, NAIROBI, May 9 – US economist Jeffrey Sachs blasted the West Thursday for responding to the world food crisis by shipping "unsustainable" aid, and said just 10 billion dollars could double Africa’s food production.
"Ten billion and we could double Africa’s food production within the next few years," Sachs told reporters during in Nairobi, where he met President Mwai Kibaki.
"A real game-changer is feasible right now, what we’re calling the African ‘green revolution’," he said, pointing out that 10 billion dollars represents 10 dollars per person in the rich world or just five days of Pentagon spending.
In recent months, soaring basic commodity prices — caused by a combination of speculation, climate change and diversion of crops towards biofuels, sparked worldwide food riots.
Sachs, who is credited with "saving" the economies of Bolivia, Poland and other countries and is often regarded as the most influential economist of the past decade — warned that the current inflation was not about to be reversed and blamed the West for years of deeply-flawed policies.
"If we want to get enough physical food, we have to not have a gradual uptake, we actually need to produce a lot more food," said Sachs, who also heads the Earth Institute.
"And that’s what Malawi has done, it went from 1.6 million metric tons to 3.2 million in one year and it’s sustained that for two years or more and we need basically to do the same thing across society," he added.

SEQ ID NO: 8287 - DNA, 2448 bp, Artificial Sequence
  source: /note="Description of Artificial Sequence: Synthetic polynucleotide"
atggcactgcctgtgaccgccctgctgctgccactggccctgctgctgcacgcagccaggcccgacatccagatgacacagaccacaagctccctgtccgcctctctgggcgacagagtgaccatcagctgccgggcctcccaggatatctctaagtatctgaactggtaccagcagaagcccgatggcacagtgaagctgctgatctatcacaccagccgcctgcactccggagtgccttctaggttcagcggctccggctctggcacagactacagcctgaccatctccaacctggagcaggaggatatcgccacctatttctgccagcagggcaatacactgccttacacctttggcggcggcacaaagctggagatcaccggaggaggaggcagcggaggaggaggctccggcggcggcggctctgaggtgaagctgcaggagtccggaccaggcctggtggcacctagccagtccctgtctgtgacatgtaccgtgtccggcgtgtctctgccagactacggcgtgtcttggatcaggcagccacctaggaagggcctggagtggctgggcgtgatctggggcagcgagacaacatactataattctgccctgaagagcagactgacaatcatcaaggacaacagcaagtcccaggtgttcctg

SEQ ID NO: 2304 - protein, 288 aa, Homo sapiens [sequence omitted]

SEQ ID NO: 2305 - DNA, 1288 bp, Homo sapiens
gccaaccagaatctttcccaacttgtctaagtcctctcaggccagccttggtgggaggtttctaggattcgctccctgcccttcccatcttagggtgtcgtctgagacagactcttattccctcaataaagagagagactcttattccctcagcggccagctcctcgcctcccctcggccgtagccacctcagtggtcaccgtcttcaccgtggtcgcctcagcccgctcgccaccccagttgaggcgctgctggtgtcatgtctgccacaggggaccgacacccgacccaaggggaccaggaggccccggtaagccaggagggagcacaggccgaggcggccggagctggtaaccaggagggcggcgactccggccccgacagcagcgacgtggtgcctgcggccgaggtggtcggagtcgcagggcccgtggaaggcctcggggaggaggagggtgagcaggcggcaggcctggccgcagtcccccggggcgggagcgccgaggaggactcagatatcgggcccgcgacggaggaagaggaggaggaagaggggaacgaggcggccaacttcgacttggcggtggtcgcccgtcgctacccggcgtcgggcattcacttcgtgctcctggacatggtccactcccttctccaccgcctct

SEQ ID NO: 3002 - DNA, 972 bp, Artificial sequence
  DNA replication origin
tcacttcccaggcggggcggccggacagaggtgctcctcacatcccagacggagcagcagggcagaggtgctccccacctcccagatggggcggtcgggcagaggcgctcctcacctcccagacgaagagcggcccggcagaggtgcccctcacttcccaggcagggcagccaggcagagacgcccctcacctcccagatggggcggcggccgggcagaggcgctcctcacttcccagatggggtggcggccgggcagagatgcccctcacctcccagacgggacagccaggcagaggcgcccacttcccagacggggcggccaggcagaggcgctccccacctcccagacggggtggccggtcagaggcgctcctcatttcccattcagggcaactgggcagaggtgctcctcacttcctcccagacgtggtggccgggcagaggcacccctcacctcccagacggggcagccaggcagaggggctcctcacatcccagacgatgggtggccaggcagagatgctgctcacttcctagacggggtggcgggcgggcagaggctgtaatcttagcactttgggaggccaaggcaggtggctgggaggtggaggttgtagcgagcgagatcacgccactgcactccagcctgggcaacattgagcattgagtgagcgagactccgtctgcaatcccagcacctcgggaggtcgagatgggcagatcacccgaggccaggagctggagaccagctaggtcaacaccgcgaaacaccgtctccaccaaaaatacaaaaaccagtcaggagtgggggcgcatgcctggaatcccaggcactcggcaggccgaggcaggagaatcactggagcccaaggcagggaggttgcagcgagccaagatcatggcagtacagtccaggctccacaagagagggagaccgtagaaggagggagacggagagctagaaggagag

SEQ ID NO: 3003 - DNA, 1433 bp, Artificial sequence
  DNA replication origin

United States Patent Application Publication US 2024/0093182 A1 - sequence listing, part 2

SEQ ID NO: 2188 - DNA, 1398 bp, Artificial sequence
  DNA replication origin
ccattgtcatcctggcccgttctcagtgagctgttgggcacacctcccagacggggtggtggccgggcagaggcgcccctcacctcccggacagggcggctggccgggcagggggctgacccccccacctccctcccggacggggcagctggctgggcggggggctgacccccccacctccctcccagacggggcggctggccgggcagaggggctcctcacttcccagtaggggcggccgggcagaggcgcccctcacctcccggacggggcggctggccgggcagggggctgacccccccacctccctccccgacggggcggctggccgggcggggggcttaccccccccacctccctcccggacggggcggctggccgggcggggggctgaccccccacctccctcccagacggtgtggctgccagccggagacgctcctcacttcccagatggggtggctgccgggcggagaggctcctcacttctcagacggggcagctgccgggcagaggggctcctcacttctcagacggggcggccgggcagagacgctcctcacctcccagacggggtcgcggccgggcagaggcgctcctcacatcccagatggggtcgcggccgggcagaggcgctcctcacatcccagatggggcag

Amid rising global concerns that tens if not hundreds of millions more people could soon find themselves unable to feed themselves due to the food crisis, rich countries have stepped in with fresh pledges.
"But what is the usual donor response? Send food aid — the least sustainable of all forms of aid," Sachs complained.
"President George Bush has promised 700 million dollars of food aid, but its aid food shipped from the United States and it’s extremely expensive. Shipping has been in recent years more than half of the total cost," he argued.
Sachs is campaigning for the creation of a "global fund for small grower agriculture", mirrored on the system used to operate the global fund for AIDS, TB and malaria.